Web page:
Council spending on services for single homeless people down £5bn in nine years as rough sleeping soars

May Bulman
1 / 2
Council spending on services for single homeless people down £5bn in nine years as rough sleeping soars

Council spending on services for single homeless people in England has plummeted by £5bn in the last nine years, according to a new report, which has prompted charities to warn that many people have been left with no other option but to sleep rough.

Funding fell by 53 per cent between 2008-09 and 2017-18 – meaning local authorities now spend almost £1bn less a year on these services across England compared with 10 years ago, the research commissioned by the St Mungo’s and Homeless Link charities found.

Overall, more than £5bn less has been spent on services for single homeless people over the past nine years than would have been spent had funding continued at 2008-09 levels.

During the same period, homelessness in England has risen dramatically, with the number of people sleeping rough now 165 per cent higher than it was in 2010.

Single people and couples without children are the least likely to have a legal right to be housed by their council and so are the most likely to end up sleeping on the streets, the report states.

It also warns that support for this group is “crucial” to help them find and keep accommodation and cope with the complex problems that may be contributing to their homelessness, including poor mental health, substance use and domestic abuse.

Until 2009, the Supporting People programme – funded by the government – provided local authorities with ring-fenced funding for people struggling to live independently to avoid and escape homelessness.

That support is no longer available.

The charities are now warning that these cuts could be putting lives at risk, with data from Homeless Link showing a 30 per cent fall in the number of bed spaces in accommodation projects for single homeless people, including hostels.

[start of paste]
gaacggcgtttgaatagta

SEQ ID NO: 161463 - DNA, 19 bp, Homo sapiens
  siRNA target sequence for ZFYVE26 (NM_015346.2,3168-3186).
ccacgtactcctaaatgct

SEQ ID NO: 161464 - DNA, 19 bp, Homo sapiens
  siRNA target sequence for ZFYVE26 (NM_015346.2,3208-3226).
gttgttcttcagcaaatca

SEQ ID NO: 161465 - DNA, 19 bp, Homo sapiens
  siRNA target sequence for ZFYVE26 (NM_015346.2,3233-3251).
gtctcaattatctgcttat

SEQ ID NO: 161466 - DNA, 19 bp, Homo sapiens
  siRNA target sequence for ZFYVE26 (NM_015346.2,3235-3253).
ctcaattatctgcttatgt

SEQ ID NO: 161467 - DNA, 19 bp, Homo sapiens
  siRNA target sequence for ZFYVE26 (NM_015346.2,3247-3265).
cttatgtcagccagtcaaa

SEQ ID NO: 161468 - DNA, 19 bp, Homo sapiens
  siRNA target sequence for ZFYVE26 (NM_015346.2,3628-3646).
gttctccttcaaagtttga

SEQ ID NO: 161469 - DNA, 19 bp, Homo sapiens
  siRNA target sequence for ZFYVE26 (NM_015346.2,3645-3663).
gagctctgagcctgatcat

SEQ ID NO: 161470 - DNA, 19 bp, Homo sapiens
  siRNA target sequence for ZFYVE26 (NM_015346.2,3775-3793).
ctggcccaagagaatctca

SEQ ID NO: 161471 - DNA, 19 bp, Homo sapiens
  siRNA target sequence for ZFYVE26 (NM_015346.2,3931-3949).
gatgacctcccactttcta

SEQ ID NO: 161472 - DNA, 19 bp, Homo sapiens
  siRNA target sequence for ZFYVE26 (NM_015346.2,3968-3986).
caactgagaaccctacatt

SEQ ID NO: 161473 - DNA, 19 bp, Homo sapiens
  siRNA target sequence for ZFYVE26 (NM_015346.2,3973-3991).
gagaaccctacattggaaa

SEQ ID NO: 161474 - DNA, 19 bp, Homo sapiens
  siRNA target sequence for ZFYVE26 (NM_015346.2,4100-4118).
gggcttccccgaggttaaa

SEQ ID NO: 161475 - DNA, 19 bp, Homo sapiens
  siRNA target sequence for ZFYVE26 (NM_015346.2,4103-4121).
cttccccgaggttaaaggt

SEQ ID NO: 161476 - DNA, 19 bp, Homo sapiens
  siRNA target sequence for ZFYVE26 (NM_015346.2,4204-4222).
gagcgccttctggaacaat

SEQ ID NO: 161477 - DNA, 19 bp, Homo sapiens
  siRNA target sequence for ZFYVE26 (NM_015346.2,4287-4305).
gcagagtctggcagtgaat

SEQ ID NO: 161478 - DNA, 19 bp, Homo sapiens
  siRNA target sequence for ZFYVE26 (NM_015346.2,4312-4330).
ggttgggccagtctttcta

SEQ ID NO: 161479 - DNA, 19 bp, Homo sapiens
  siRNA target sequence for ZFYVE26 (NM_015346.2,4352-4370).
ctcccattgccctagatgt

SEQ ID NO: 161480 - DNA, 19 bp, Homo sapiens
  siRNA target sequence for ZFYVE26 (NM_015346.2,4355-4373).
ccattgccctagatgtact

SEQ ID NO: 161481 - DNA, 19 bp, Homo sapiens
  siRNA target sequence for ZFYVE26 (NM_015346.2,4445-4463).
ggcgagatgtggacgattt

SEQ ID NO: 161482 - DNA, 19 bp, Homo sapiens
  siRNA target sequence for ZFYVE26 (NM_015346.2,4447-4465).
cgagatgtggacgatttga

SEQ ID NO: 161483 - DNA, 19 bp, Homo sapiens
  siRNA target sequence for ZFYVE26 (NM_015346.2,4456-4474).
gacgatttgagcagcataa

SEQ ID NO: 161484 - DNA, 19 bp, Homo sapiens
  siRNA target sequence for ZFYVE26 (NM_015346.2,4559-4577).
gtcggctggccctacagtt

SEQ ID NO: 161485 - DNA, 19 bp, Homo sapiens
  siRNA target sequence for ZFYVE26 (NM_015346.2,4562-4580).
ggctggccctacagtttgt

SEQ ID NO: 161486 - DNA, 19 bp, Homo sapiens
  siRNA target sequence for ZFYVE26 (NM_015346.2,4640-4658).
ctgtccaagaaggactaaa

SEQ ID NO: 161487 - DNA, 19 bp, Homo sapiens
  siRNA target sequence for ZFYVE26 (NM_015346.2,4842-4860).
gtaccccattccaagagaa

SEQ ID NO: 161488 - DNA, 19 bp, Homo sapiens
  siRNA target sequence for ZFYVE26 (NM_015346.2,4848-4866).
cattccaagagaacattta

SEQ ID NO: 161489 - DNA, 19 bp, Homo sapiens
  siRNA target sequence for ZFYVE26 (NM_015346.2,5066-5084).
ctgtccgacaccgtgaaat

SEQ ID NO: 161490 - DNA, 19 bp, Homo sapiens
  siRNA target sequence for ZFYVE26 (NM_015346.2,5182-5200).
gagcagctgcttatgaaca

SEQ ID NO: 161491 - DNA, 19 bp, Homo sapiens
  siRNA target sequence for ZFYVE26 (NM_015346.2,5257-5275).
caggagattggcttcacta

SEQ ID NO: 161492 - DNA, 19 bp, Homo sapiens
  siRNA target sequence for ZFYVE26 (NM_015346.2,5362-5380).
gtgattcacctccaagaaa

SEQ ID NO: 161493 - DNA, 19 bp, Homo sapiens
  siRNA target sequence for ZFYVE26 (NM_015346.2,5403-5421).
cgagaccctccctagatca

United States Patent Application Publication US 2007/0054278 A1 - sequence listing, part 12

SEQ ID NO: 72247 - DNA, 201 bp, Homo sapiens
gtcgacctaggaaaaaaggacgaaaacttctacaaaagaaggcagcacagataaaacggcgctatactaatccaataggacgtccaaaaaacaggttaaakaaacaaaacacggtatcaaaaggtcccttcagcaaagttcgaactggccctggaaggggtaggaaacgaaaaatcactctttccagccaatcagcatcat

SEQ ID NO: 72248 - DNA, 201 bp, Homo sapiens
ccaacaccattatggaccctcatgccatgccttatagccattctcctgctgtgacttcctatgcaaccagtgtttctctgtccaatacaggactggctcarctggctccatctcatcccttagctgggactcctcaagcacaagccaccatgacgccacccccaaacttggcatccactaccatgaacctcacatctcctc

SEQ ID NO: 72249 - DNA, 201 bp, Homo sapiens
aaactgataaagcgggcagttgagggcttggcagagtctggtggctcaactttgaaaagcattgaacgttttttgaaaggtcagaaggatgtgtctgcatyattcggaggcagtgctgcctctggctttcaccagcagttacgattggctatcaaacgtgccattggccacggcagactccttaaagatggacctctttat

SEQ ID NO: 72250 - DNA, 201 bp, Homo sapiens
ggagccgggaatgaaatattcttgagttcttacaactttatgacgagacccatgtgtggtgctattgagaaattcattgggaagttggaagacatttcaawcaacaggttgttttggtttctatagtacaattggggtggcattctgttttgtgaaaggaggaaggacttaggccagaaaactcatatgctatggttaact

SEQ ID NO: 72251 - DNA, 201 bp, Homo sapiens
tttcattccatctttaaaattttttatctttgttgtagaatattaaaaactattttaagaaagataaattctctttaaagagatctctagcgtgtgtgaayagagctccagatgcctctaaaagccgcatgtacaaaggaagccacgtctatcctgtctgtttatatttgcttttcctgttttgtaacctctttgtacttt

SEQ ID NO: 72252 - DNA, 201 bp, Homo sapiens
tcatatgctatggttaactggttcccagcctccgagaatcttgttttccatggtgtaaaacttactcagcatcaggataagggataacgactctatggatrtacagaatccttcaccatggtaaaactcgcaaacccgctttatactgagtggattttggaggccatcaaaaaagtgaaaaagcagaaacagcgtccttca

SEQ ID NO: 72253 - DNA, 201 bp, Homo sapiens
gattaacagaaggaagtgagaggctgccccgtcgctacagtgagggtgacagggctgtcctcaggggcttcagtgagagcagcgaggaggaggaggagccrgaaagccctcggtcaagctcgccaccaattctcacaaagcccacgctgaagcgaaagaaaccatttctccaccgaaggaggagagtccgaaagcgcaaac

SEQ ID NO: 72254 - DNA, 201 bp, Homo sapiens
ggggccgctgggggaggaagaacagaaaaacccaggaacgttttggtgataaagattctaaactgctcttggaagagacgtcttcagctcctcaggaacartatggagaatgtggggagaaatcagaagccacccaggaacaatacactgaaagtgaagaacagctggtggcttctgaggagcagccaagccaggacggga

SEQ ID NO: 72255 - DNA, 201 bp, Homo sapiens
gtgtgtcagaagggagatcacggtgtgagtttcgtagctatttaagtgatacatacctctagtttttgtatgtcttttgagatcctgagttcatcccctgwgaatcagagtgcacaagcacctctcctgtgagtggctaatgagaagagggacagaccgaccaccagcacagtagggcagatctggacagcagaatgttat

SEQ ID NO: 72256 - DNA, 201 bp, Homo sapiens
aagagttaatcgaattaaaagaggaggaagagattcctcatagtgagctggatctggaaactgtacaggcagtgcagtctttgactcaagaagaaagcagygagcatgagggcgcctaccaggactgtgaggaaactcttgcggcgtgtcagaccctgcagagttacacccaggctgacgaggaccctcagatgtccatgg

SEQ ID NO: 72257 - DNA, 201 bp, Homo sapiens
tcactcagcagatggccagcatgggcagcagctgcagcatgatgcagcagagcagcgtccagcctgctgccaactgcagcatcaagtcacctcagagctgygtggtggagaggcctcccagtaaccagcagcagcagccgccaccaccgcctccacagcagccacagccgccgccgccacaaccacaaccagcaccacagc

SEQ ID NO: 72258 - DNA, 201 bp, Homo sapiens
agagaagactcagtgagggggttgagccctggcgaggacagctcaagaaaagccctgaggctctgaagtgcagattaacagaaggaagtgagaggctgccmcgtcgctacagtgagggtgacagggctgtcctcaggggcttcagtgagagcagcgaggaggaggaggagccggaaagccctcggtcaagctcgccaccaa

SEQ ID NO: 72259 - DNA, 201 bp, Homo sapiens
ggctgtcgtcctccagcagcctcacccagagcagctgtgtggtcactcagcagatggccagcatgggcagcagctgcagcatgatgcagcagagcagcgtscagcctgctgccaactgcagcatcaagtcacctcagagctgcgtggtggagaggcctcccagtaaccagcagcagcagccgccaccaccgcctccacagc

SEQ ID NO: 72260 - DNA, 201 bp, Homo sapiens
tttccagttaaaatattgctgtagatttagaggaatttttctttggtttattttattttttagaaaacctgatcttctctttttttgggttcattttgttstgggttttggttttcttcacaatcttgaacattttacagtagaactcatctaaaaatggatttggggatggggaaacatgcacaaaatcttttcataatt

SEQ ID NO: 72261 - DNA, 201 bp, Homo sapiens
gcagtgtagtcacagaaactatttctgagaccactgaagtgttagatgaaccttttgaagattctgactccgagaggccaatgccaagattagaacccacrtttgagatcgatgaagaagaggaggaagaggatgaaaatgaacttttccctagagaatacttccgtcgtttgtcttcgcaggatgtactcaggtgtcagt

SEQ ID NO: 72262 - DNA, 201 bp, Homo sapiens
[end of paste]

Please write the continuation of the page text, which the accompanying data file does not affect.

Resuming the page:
These have dropped from an estimated 50,000 in 2008 to 35,000 in 2017.

While the government’s Rough Sleeping Strategy – a grant of £10m from 2016-17 to 2018-19 – has provided welcome additional funding for homelessness services, it falls short of replacing the lost funding identified in this research, the charities said.

Howard Sinclair, chief executive of St Mungo’s, said the report’s findings should provide a “wake-up call” for ministers.

“Councils have a crucial role to play in preventing and reducing homelessness and rough sleeping, but years of cuts have left them struggling to tackle rising homelessness with fewer and fewer resources,” he said. “The human cost of these cuts is all too real. The people we work with – many struggling with poor mental health, substance use or domestic violence – are often being left with no option but to sleep rough.

“With nearly 600 people dying on our streets or while homeless in a year, this really is a matter of life and death.”

Rick Henderson, chief executive of national membership body for the homelessness and supported housing sector Homeless Link, urged the government to take measures to tackle the issue in the upcoming spending review.

“Guaranteed and long-term funding for councils to prevent and resolve homelessness would be a game changer. It would allow for focused, joined-up, strategic commissioning of services that truly work,” he said. “This, alongside building more genuinely affordable homes and creating a robust welfare system that adequately supports people and stops them from being locked in poverty, should be an essential part of their plan to end rough sleeping.”

Minister for housing and homelessness Heather Wheeler MP said the government was “committed” to preventing and reducing all forms of homelessness, which she said had been backed by £1.2bn of funding so far.

“We have also implemented the Homelessness Reduction Act, which helps more people get the support they need, and at an earlier stage,” she added. “The £100m-backed Rough Sleeping Strategy was launched last year and sets out the government’s blueprint for ending rough sleeping for good – including access to specialist support services and housing advice.

“However, we must keep up the momentum, ensuring progress continues to be made and people are given the help they need to turn their lives around.”